-Your poems are a little funny, and there are a lot of words that are ingrained in my heart, so I think it would be good if I made it into a collection of works, but don't you have any plans for that?
There were about two stories about publishing in the past, but the person in charge who liked my poem seems to have been rejected at the meeting as "I'm not famous, so I can't sell it" (laughs) I think I want to do it because self-publishing is cheap these days.
-Do you have any poets that you have been influenced by or like?
I wonder if I like Murou Saisei and Kotaro Takamura. I'm not reading a poem that much.
-How about Mitsuo Aida?
I try not to look at it. Because I'm influenced (laughs)
-Do you have any favorite artists who were influenced by the calligraphy?
I wonder if I'll be a classical writer. I wonder who is a contemporary writer. At first, I was studying with Soun Takeda, so I was influenced by it at the time. After all, I was shocked and influenced by Yuichi Inoue. I like Koji Kakinuma, too. Recently, there are a lot of people who send it out on sns, so I see it, but there are salaried workers, but I think that person is really amazing. As with technology and knowledge, there is a spirit in writing.
-What are you particularly aware of in your creations?
I'm conscious of the margins, that is, where to leave white. I'm thinking of not ruining the white part. I was conscious of the white that "the heart (the work that i exhibited)" was opened down and brought up.
Of course, I also think about the color of ink. I think I have to use my head these days, but in the end it's often gone. It's a contradiction, though. There are many things you can do to do good works when you write quite a few and decide that you have the last one or two. I'm the type to write quite a bit.
-Please tell us the charm of writing, the charm of writing, and the charm of seeing.
I think that writing is "Why is it so much fun?" When I think of it as art, painting takes a long time, but writing doesn't take long, so it's a good fit for me who's short-tempered.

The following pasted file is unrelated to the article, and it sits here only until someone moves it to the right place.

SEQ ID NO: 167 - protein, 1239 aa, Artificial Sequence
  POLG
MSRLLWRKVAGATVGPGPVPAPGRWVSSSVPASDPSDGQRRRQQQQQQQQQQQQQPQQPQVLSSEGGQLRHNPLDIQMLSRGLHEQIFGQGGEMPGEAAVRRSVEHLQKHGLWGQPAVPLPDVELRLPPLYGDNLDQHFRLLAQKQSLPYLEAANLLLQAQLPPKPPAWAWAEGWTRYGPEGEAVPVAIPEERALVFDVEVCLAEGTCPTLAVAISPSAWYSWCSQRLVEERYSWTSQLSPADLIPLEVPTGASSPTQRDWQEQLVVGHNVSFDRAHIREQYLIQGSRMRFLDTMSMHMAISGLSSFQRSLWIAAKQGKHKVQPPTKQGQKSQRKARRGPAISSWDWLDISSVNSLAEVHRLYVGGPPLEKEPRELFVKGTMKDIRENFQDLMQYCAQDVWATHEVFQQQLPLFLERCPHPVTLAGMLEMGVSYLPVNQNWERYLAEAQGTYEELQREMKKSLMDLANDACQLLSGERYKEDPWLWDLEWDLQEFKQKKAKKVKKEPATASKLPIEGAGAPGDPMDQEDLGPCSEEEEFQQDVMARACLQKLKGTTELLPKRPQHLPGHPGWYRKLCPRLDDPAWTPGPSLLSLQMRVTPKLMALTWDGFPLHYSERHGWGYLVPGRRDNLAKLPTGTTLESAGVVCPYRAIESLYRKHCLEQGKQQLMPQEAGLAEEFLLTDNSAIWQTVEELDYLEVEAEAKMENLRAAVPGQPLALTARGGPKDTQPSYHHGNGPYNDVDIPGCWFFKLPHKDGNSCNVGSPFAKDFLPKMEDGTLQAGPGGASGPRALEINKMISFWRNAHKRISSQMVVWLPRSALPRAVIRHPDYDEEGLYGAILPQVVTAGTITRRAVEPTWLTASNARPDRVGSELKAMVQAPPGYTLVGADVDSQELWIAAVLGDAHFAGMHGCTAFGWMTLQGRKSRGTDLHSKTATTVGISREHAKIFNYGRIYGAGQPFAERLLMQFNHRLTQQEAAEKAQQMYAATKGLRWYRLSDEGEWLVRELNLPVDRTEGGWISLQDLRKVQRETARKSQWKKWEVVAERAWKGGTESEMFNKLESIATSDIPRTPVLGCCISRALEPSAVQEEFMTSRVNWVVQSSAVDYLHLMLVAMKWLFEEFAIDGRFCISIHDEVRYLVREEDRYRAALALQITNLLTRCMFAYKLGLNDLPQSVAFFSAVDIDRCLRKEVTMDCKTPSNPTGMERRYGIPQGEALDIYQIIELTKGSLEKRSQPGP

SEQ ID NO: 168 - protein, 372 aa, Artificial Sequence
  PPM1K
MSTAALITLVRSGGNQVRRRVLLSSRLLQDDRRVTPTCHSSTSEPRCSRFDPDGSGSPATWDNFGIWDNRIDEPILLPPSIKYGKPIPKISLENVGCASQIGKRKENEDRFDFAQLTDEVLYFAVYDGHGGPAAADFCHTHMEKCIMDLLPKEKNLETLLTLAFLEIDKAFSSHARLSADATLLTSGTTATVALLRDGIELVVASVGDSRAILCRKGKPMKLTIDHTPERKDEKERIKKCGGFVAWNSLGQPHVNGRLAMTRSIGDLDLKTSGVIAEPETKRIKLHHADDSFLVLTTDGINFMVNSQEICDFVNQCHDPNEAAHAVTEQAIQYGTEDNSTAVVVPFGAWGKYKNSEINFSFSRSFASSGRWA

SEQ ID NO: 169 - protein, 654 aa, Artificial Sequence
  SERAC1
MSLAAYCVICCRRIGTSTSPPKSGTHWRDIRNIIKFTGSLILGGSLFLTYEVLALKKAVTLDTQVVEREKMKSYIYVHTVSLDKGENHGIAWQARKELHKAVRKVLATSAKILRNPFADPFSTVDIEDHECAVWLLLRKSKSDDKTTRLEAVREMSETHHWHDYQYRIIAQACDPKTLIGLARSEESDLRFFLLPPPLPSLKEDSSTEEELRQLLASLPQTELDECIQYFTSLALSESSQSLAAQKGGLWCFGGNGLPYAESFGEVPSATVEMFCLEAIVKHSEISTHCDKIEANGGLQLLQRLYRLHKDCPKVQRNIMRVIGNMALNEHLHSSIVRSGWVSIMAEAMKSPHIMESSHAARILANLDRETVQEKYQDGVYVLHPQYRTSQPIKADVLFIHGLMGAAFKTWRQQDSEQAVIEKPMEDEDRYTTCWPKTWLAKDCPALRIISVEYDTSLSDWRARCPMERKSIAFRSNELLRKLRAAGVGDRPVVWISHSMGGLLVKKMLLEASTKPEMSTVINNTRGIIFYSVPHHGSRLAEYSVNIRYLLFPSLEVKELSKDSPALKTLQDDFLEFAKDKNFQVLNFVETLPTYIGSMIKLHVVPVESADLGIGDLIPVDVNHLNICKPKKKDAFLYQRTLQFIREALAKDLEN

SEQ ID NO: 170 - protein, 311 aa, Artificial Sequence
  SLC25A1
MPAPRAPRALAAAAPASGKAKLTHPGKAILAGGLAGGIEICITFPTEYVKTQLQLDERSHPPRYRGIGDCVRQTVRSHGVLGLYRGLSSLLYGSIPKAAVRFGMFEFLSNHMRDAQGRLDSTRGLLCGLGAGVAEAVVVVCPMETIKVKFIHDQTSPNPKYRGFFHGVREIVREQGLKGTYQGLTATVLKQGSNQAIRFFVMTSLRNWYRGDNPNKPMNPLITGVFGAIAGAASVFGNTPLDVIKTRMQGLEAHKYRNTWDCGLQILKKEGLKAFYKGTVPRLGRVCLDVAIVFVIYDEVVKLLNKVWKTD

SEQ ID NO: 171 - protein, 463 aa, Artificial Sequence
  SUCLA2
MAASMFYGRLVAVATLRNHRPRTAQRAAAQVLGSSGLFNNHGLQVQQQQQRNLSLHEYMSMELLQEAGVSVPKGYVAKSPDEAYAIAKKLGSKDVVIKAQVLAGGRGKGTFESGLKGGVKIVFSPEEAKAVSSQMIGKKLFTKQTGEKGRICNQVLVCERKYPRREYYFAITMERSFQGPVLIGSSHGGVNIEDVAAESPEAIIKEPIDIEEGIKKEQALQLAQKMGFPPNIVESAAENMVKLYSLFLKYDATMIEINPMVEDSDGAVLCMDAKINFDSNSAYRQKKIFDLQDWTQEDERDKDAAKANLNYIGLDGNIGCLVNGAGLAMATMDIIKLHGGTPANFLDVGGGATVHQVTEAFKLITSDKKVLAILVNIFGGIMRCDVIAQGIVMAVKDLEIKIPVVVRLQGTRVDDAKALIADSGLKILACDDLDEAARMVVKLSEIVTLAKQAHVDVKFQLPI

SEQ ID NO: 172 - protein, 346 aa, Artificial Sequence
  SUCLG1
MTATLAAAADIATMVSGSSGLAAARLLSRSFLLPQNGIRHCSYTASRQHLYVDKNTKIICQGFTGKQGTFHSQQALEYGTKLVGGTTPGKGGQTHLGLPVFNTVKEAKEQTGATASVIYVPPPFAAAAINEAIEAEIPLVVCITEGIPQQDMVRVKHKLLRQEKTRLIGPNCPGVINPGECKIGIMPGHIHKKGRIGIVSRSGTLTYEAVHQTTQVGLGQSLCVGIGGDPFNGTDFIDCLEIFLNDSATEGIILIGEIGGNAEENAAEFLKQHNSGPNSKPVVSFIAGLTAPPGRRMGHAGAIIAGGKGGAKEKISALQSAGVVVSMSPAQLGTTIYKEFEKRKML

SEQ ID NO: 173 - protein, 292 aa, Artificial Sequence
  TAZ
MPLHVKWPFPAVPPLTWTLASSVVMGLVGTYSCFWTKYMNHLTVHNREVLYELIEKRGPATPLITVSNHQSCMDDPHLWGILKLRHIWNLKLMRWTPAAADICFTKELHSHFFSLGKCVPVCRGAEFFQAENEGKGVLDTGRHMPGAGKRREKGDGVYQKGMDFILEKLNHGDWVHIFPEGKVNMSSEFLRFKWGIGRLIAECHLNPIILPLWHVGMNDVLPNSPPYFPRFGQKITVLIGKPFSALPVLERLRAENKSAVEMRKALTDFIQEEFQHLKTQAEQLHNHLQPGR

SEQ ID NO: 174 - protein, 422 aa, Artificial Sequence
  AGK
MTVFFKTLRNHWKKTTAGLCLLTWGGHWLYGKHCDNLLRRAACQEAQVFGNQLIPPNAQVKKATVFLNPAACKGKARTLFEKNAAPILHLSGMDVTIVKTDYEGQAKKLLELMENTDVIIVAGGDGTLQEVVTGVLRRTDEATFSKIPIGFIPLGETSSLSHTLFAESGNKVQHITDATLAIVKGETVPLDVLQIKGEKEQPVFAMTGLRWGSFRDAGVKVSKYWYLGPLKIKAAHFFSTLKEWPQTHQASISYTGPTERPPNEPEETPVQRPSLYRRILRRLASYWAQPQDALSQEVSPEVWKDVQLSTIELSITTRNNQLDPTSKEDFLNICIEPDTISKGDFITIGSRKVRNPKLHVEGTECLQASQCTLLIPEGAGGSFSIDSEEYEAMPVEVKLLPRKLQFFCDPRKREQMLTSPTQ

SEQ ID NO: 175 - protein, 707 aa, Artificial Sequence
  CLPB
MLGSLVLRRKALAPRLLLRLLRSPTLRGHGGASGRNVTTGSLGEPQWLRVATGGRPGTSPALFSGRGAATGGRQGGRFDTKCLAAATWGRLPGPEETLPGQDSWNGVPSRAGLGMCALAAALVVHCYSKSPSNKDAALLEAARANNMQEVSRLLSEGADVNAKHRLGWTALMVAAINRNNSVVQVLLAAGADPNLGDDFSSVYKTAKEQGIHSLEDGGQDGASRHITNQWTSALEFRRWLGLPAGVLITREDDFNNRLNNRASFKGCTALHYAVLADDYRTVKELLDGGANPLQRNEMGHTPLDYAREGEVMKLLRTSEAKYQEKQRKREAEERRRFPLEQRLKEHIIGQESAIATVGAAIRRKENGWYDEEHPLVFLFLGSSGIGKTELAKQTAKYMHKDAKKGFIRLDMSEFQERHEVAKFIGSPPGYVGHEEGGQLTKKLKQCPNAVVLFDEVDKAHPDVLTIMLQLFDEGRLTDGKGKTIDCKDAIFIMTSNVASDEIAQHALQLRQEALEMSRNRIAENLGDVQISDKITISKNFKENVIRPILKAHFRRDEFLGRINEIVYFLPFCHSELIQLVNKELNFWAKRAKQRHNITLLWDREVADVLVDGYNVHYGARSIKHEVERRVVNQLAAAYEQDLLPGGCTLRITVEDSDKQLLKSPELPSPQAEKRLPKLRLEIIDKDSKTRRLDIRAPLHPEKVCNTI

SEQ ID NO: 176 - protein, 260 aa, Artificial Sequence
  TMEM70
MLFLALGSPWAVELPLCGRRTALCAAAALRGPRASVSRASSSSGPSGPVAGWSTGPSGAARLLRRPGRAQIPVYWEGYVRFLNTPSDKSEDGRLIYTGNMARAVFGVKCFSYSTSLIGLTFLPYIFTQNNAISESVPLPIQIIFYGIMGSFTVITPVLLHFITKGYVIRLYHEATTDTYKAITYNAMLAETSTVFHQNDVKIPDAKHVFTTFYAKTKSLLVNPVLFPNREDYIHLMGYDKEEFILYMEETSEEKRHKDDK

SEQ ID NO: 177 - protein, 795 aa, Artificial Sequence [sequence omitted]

-But in order to write a work that is satisfactory, if you write dozens or hundreds of sheets, it takes a lot of time in total, so isn't it the same?
Oh, sure (laughs).
-I think that the charm at the time of the writing and the creation is different even if it is the same writing work.
I think it's like answering and looking for answers. I feel like I'm solving a problem. I feel joy when I can absorb it and reproduce it.
Of course, the creation is good, and it is happy and fun when the line as I intended comes out. It's fun to have more than your intentions. When I write a work, I have a blueprint in my head, but it's also fun to have a coincidence element. If you become a great teacher, you may be able to predict all of that, but I haven't reached that level yet, so that's why I'm looking forward to it.
-What do you think is the pleasure of seeing a calligraphy?
What I feel these days is a different feeling of air in a good work. It's a soul or an aura. There is an aura that cannot be explained. That's not the reason.
-At first, I spent hours looking at it while thinking about "All of them are good" at the calligraphy exhibition every day, but now I'm looking at it at a fairly fast pace, and now I'm just looking at the works that suddenly caught my eyes and watched them carefully. I think the power of the work that makes you stop in the line of such a good work, the aura is amazing.
That's what it is, isn't it? It's not logical, is it?
-Do you have any future prospects? What do you want to do?
I wonder if it is recognized to write a classic and traditional work. For some reason, I'm in a position where I teach calligraphy, so I think I have to pursue it all the time. Ultimately, I want to write my work as I like for a long time (laughs)
I was the same age as Araki-san, so i went to drink from time to time when I went to the classroom, but this time it was fun to talk with him for the first time in a long time. As I wrote at the beginning, the human smell in a good sense is also shown in the calligraphy, and that is the great attraction of Araki's work. It is said that books are people, but you can realize that attractive books are attractive. I want you to look at the poem by all means. I'm sure you'll be hooked on that charm (laughs)
And Araki's poemInstagrambut you can see it.